4. Boot to the USB stick to make sure it still works for SRCD. At this point, Clonezilla will NOT show up in the boot menus.
  5. Remove the first few lines from the top of /syslinux.cfg, stopping at the blank line before the first “label” line.
  6. Merge the /syslinux/syslinux.cfg and /syslinux.cfg files with cat /syslinux.cfg >> /syslinux/syslinux.cfg does the trick. Be sure to append /syslinux.cfg at the end of /syslinux/syslinux.cfg
  7. Boot to the USB stick several times and verify you can start up each of the menu items successfully.

Note that the only reason this works is that the SRCD install script uses that /syslinux subfolder for its boot menus, and that both are using similar boot techniques. If the SRCD and UNetbootin scripts continue to configure themselves like this, then this method should work for future version, too.

For my next challenge. . . cram BackTrack, SRCD and Clonezilla on a 4 GB USB Flash stick!

GTD: A simpler version

Everything requires time. Writing this article required time to think, time to write a draft, time to edit, etc. Sleeping requires time. Eating requires time. Planning requires time. You get the idea.

Therefore, a complex GTD system itself requires a significant amount of time to implement. Managing tickler files, to do lists and the like require time to implement and maintain. With complexity, these tasks become chores and most people try to avoid chores. This makes the barrier to entry quite high for these systems, and that makes turning them in to habit more difficult.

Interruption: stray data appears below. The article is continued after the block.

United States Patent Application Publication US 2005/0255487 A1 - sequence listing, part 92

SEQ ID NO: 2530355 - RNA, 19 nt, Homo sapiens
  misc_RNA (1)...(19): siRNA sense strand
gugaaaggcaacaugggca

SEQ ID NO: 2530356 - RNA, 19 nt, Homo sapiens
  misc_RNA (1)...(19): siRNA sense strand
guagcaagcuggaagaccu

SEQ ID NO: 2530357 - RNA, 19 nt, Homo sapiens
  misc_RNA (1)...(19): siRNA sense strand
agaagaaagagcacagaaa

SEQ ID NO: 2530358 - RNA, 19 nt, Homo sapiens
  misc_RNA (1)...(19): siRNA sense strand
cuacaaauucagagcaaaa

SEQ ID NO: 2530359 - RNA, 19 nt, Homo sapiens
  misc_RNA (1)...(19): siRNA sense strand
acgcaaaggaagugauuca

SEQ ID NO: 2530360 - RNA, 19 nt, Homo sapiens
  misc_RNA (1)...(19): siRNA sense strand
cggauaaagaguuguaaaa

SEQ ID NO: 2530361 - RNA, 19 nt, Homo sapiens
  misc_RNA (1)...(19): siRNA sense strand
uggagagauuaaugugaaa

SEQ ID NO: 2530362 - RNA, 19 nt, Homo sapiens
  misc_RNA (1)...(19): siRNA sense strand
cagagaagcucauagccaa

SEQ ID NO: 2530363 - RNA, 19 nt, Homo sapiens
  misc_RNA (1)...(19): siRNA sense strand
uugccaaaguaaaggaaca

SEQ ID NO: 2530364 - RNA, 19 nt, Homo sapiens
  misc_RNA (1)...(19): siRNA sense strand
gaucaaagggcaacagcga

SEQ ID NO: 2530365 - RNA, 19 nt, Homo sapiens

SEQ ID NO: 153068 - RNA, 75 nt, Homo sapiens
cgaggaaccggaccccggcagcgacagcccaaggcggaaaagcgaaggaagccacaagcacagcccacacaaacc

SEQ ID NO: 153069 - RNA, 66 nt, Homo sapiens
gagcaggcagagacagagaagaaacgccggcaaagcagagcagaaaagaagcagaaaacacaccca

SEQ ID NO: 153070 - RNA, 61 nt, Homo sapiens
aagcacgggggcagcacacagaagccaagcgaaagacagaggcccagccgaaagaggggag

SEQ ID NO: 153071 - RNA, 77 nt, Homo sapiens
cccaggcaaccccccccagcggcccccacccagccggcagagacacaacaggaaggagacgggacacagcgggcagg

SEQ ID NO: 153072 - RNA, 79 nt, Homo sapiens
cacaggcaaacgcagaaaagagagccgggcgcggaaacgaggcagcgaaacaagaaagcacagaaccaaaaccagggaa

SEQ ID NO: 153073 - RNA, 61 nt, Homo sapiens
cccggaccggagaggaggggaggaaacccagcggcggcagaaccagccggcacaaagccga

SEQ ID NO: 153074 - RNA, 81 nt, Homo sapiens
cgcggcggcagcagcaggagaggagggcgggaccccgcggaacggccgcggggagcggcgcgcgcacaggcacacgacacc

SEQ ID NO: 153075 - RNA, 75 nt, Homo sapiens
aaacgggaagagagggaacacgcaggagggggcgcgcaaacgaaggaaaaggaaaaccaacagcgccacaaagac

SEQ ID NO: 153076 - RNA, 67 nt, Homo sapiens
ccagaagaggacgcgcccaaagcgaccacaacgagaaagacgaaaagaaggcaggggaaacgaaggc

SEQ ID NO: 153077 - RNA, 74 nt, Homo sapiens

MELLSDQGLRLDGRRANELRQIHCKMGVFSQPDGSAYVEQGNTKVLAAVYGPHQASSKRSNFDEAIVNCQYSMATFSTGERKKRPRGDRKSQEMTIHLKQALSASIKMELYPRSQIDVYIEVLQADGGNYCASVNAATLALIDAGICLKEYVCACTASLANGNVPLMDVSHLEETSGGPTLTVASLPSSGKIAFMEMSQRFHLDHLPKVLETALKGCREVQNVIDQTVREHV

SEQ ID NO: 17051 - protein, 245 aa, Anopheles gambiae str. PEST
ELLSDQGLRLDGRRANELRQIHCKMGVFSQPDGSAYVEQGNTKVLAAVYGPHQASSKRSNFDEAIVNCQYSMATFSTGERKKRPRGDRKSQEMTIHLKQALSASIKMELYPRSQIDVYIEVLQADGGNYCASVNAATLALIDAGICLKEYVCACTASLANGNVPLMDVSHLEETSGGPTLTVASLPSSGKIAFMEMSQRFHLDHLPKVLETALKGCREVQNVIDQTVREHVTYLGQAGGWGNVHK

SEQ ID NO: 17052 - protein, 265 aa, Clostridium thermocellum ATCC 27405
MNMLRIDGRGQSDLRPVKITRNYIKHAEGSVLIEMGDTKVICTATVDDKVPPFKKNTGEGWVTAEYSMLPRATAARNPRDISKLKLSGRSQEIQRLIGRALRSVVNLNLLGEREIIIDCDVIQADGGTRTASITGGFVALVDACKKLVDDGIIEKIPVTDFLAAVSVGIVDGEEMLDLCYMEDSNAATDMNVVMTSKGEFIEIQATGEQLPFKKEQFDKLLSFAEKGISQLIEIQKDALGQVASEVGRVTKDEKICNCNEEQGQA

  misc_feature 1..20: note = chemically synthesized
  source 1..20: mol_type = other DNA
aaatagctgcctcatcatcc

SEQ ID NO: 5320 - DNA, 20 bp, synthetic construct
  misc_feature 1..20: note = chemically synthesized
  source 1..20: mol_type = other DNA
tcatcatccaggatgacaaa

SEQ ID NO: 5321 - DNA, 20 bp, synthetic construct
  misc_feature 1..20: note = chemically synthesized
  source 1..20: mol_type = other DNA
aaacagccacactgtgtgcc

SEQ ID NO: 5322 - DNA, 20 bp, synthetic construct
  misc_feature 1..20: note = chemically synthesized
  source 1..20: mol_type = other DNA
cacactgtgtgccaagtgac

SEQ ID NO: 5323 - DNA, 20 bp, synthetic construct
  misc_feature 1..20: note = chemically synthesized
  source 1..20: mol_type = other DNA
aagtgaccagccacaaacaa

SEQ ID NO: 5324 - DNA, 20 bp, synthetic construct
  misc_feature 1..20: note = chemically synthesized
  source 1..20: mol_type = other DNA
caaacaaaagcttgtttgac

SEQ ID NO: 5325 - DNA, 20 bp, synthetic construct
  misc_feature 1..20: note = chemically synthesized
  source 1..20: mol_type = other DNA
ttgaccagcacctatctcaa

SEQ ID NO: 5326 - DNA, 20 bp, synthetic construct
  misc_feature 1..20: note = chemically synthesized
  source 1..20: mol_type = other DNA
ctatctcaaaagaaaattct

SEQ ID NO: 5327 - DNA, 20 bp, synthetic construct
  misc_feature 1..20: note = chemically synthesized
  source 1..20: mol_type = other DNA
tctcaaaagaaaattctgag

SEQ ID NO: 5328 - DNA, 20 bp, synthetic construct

I say, start simple. You may decide later to build up to a more complex method, or you may find that you need go no further. My method revolves around my Calendar and Inbox. Quite simply, if it is worth spending the time to do, it should be on your calendar. Period.

Incoming tasks come from your Inbox and go to one of three places:

  • Complete the task immediately or respond if additional information is required. Move a copy to your Follow-up folder and add an alert so you can keep track later.
  • On the calendar to be completed at some point in the future.
  • In the Trash. Save what you need for long-term documentation in the appropriate location (folder, Wiki, project documentation system, etc.), then delete it.